In Generations, the player is given even more options than ever before. Not only are you given four styles to choose from for each weapon, there are a handful of special moves you can use. Each weapon has 3 unique specials as well as some universal ones. These range from perfect dodges, to healing stations that heal everyone in the vicinity over time. The unique specials tend to capitalize on each weapon’s strength. As a hammer user, you want to be at the monster’s head constantly, so one of the unique moves for hammer is a paladin-like provoke move which gives you a little more attention than you may want. The move most hammer users will go for is the super duper pound because the third move is pretty much just a better spinning hammer move which hammer users try to avoid as much as possible. As a hammer user, I find myself almost never using the specials. Beginning in 4U, I started using the switch-ax, but I felt that it was a tad underwhelming. Hammer had been incredibly nerfed from the PSP games, so I was looking for something different. While hammer is back on top as the k.o. king, I found that the switch-ax coupled with the aerial style was incredibly fun. In fact, if styles stick around (and I hope they do), I think this weapon combo might get a bit of a nerf itself. I swear to all that is holy, this combo seems ridiculously easy. If you just want to cruise through the village quests, this is an excellent option and it even has really good hunter arts to boot.

For those who fell in love with the insect glaive or the charge blade, they’ve both been revamped. The kinsect now levels separately from the weapon and you no longer have to balance feeding it in a specific order. They’ve altered how the kinsect grabs your power-ups, too. I didn’t really get into the weapon in either game, but I hear it’s mostly the same. The charge blade, on the other hand. Big changes have come to this powerhouse of a weapon. In 4U, you could use your most powerful move right after blocking or from the infinite sword combo. This, coupled with guard points, which remain a huge part of the weapon, made it the very best weapon in the game without a question. It out hammered the hammer, out cut any of the swords, and out damaged everything. The weapon’s damage is still among the highest in the game, but the changes have made it much more balanced when compared to the other weapons. It really shines when used with the adept style.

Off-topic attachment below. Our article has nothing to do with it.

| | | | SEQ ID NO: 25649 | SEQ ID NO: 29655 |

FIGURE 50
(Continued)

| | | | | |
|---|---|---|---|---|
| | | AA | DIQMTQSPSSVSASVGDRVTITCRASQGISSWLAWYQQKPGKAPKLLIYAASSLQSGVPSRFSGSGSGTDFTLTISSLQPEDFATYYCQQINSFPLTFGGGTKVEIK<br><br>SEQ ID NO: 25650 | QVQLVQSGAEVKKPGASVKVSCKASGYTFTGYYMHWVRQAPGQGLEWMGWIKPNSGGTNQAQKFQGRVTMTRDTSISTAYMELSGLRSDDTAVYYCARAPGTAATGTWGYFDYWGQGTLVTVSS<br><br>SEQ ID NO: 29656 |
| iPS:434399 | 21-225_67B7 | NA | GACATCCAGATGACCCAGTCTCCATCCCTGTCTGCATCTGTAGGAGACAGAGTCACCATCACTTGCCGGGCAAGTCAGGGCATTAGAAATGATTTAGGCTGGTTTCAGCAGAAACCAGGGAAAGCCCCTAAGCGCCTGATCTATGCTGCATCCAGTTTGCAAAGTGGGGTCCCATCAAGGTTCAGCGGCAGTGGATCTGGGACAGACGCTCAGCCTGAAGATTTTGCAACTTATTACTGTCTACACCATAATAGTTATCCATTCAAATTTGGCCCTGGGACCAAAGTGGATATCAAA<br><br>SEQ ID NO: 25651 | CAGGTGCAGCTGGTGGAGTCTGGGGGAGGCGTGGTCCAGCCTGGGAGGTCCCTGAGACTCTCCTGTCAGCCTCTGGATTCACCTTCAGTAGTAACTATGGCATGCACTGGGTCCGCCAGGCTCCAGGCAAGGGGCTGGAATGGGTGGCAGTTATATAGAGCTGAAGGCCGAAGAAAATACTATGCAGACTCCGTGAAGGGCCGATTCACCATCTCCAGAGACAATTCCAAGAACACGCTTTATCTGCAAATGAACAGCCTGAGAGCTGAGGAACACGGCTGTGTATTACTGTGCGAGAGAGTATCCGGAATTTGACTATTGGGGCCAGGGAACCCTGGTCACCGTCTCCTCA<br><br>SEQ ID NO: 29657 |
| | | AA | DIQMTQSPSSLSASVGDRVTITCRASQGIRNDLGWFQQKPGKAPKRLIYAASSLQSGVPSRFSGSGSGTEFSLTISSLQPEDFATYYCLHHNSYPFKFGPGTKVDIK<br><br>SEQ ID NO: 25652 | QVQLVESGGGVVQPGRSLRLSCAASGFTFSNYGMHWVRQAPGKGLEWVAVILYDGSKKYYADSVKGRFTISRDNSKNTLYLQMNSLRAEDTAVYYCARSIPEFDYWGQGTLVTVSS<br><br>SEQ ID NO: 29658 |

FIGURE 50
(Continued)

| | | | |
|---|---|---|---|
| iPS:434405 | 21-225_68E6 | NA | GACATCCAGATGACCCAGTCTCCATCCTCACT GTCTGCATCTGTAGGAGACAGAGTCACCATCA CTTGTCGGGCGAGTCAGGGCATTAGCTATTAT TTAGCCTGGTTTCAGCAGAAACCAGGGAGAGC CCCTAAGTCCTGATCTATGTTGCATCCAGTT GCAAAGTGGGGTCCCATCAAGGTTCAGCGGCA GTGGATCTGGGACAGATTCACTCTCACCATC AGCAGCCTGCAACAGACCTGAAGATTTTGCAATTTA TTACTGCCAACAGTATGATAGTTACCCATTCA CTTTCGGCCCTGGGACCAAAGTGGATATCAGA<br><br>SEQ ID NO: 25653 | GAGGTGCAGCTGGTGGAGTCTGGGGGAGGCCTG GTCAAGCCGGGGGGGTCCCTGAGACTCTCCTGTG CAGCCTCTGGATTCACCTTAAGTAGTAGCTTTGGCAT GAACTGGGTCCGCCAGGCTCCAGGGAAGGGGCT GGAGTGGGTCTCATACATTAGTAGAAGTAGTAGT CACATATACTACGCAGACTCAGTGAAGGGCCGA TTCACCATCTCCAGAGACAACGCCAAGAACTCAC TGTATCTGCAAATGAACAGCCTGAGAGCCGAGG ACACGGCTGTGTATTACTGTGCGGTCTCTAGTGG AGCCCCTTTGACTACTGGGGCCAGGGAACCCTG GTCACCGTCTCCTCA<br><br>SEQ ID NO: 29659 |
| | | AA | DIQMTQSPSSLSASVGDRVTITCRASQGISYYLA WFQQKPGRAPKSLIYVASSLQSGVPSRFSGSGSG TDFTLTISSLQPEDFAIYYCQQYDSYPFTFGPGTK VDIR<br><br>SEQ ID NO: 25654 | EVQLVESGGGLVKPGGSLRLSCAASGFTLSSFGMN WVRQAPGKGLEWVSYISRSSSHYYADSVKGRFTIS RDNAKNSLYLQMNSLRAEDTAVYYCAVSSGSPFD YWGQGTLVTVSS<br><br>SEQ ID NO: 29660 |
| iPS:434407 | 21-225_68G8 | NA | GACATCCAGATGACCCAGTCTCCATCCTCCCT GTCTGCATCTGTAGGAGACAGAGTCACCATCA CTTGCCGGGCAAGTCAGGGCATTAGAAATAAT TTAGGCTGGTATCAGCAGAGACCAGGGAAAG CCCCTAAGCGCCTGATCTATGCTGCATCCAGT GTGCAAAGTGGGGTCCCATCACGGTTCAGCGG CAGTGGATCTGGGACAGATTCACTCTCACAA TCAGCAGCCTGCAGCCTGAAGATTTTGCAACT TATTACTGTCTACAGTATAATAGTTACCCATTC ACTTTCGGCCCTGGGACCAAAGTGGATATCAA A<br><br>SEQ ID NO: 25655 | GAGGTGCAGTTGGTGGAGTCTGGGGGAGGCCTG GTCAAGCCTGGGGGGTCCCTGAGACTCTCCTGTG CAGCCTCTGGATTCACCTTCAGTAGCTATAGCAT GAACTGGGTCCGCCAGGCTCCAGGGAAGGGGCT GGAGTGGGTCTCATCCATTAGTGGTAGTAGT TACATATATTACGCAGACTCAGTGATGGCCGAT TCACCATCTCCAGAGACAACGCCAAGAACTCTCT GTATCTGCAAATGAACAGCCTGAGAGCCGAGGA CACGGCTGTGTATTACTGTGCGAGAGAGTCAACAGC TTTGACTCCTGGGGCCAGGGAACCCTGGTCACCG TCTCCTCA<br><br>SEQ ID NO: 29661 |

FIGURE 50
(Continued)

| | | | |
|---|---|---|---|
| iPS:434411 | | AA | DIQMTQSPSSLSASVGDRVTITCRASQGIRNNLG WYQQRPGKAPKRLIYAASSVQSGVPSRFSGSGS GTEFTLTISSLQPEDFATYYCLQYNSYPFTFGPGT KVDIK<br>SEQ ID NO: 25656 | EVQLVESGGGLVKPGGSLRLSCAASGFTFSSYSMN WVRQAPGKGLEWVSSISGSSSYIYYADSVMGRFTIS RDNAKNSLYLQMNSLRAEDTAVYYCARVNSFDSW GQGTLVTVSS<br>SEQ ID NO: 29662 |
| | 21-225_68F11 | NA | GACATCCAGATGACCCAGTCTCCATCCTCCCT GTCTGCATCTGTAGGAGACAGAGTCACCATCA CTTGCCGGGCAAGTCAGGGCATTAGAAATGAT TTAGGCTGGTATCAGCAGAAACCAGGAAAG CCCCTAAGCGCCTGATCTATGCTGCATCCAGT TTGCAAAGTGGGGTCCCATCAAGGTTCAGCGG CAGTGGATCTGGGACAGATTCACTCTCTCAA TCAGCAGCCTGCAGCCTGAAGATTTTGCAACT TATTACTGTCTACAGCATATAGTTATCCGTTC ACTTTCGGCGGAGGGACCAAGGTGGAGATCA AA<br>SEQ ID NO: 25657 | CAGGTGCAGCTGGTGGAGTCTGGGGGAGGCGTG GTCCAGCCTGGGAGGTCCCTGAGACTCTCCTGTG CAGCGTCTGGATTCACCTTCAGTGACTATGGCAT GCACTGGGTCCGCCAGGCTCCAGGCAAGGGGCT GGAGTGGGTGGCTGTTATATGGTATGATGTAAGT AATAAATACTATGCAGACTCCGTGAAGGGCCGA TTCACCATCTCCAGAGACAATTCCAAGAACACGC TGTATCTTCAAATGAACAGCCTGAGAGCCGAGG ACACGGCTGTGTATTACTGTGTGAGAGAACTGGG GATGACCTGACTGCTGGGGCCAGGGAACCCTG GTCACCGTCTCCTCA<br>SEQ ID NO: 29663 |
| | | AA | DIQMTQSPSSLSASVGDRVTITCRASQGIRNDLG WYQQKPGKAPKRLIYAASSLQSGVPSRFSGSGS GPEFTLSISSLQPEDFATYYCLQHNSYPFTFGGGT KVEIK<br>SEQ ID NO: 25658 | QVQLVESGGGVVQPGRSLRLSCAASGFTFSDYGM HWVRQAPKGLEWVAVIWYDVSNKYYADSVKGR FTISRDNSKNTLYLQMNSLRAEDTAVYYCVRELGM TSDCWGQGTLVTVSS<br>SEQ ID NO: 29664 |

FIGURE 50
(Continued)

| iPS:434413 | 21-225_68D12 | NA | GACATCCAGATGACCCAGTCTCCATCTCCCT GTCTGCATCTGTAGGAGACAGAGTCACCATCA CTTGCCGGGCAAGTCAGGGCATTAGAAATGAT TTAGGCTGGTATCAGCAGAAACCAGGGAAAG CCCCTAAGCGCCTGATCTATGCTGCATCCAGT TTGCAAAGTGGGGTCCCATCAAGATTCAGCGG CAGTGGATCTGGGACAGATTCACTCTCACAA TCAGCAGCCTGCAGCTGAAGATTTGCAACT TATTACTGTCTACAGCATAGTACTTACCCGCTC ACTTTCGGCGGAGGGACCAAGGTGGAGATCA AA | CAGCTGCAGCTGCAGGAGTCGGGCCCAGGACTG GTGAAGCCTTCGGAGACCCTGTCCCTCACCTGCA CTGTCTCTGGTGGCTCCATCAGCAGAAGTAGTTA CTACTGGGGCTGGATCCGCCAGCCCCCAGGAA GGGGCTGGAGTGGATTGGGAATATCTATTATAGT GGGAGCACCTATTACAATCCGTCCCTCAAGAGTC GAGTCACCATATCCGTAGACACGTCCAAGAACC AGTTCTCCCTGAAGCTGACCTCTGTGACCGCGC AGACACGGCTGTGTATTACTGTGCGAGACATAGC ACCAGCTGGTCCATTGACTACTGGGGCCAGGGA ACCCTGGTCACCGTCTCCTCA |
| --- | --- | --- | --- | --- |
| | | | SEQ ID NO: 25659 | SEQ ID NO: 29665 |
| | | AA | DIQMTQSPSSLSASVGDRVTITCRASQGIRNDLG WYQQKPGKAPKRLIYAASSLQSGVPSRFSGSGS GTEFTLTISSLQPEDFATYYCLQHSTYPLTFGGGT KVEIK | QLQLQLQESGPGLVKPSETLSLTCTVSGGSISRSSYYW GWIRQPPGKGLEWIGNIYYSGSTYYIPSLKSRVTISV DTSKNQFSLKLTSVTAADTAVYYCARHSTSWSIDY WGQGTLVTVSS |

For anyone who isn’t in the know, Monster Hunter is an action game wherein you…hunt monsters. It has some RPG elements, but it’s really just a series of boss battles with some other missions thrown in to mix it up. It’s story-lite, and lore-heavy. You choose your weapon, learn how to wield it, and go out and beat up some animals. Then you carve them up and take their bits to the smith who will gladly make you new armor and weapons out of the parts you find so you can fight bigger and meaner beasties. This, in a nutshell, is the flow of the game, and it’s so rewarding. You’re not rewarded with levels, but with new gear and the knowledge that you’ve gotten better. The biggest draw to the game is being able to play with up to 3 friends either locally or online.

I can honestly say that this is the best Monster Hunter game yet, and I haven’t even told you about being able to play as the cats. I really like the direction they’re taking the series, and I hope they have something in the works for Nintendo’s NX. I’ll be there when and if they do.